October 18, 2007

A dark day as National Lacrosse League cancels 2008 season.: The NLL yesterday canceled the season after it failed to reach a new collective agreement with its players by its long-standing midnight Monday deadline..

posted by tommytrump to other at 12:44 PM - 26 comments

There was a National Lacrosse League? Did anyone else know about this or did they play behind closed doors in the middle of the night?

posted by urall cloolis at 12:51 PM on October 18, 2007

Speaking of clueless. urall, you've been here long enough to know better than that. Just because you're not interested in something does not give you the right to disparage a posting. Perhaps it is time for you to reread the SportsFilter guidelines. Have you ever been to a N.L.L. game? I have been to a few, and if I lived closer to a city with a team, would attend on a regular basis. The Toronto Rock play at the Air Canada Centre, also home of the Maple Leafs and Raptors, and draw sellout, or near sellout crowds for every game. The crowds for Rock games are far louder than for Leaf and Raptor games, and the product presented is very entertaining. Given a choice of professional sporting events to attend, I'd rather go to a regular season lacrosse game than any of regular season hockey, football, baseball, or basketball.

posted by tommybiden at 01:17 PM on October 18, 2007

Well, yeah, they do play behind closed doors, although not in the middle of the night. It's an indoor league.

posted by lil_brown_bat at 01:18 PM on October 18, 2007

I think urall was making disparaging comments about the NLL, not your post Tommy. And they weren't really disparaging from my point of view. More like "I had no idea that there was a professional league for lacrosse." And if what urall said was a grievious violation of the guidelines, then I believe that most of us here should face banishment.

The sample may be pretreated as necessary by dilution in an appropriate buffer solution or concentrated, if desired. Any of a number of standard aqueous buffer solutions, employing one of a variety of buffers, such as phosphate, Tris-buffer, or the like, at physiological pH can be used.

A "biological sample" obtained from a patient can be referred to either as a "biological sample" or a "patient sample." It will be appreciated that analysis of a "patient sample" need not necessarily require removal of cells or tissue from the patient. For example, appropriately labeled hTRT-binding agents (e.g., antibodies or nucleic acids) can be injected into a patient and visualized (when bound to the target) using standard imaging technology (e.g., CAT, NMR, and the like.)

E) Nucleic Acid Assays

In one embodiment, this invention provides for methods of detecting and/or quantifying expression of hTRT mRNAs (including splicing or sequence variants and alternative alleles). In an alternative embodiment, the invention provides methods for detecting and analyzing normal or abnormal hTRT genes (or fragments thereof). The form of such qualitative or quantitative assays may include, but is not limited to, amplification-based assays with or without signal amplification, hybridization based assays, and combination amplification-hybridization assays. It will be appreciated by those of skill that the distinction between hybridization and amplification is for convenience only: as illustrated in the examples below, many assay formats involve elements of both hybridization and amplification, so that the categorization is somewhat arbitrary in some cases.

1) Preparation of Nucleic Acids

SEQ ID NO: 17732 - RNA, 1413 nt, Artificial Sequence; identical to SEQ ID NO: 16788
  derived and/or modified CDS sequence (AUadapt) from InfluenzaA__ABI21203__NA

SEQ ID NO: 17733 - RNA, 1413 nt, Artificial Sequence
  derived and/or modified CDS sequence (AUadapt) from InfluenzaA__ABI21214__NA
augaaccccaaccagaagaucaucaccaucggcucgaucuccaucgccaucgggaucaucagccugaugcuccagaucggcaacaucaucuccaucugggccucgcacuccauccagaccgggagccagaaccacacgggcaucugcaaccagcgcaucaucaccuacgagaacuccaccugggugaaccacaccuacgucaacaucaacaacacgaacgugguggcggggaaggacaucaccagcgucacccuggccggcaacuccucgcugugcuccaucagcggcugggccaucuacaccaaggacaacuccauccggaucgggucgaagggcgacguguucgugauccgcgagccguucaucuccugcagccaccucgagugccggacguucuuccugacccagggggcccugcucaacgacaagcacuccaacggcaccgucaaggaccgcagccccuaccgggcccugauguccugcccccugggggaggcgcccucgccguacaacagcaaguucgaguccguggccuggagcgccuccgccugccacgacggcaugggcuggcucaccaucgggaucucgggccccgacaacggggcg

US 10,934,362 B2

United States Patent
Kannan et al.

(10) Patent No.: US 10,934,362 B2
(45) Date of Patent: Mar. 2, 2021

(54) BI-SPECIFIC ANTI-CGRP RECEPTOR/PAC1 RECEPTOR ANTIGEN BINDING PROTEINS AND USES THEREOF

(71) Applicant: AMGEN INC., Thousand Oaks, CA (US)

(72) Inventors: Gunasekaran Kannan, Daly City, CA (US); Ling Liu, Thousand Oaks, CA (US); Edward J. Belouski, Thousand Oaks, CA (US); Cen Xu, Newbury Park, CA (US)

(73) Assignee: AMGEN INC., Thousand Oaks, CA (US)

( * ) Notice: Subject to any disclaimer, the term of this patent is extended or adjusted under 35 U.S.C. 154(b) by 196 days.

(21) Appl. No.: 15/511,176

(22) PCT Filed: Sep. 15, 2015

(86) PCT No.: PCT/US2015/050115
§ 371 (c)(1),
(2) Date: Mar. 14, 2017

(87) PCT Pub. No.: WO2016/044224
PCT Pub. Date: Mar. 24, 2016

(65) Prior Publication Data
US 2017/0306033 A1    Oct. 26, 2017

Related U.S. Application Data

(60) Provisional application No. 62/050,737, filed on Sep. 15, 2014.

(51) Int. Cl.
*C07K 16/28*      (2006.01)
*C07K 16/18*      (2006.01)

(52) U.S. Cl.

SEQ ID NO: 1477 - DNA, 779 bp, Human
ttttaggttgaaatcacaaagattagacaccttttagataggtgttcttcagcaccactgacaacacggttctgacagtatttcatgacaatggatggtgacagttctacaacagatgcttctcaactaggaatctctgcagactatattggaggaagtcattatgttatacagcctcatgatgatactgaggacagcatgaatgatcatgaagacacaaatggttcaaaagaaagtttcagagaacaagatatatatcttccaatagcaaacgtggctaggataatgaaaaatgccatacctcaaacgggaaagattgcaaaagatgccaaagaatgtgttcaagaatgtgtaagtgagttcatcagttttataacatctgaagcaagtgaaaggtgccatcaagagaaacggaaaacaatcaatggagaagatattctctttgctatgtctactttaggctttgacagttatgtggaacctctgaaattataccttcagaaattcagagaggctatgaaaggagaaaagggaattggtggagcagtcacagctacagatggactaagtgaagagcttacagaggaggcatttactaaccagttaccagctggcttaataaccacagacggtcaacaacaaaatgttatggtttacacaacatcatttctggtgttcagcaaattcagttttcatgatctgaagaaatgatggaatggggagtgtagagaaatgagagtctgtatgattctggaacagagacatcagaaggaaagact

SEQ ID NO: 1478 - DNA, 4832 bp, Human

posted by THX-1138 at 01:30 PM on October 18, 2007

I went to a Minnesota Swarm game back in March, because my company gave people on our project tickets to the suite for that game. (Won't let us worker-bees go to a Wild game...grr. But I digress...) It was surprisingly entertaining: plenty of scoring, a fight, and a PA announcer who trash-talked a lot. I'd go again, if I could. This whole thing seems reminiscent of the WNBA strike/lockout (I forget which it was) from a few years ago...it's a bad thing for a league that doesn't have any sort of foothold and could be easily forgotten. I'm shocked the WNBA is still around, and it won't surprise me if this kills this league.

posted by TheQatarian at 01:34 PM on October 18, 2007

The NLL is what the NHL used to be in its prime - blue collar fun. This news is a sad day for a sport that has been making steady progress for almost a decade.

posted by garfield at 01:57 PM on October 18, 2007

Tommy- I did not mean to piss on your post. I did not know such a league existed. It is not covered in my local newpapers or news stations. I have never seen it televised, covered or advertised in my area. I have never seen it in any major sports magazines that I get (SI, TSN, ESPN). I just learned there was such a league when I read your post. I knew there was a Major League Lacrosse League which had a team in my area and the league folded several years ago. I have not heard anything about professional lacrosse since. FYI- I have nothing against lacrosse or those that play it.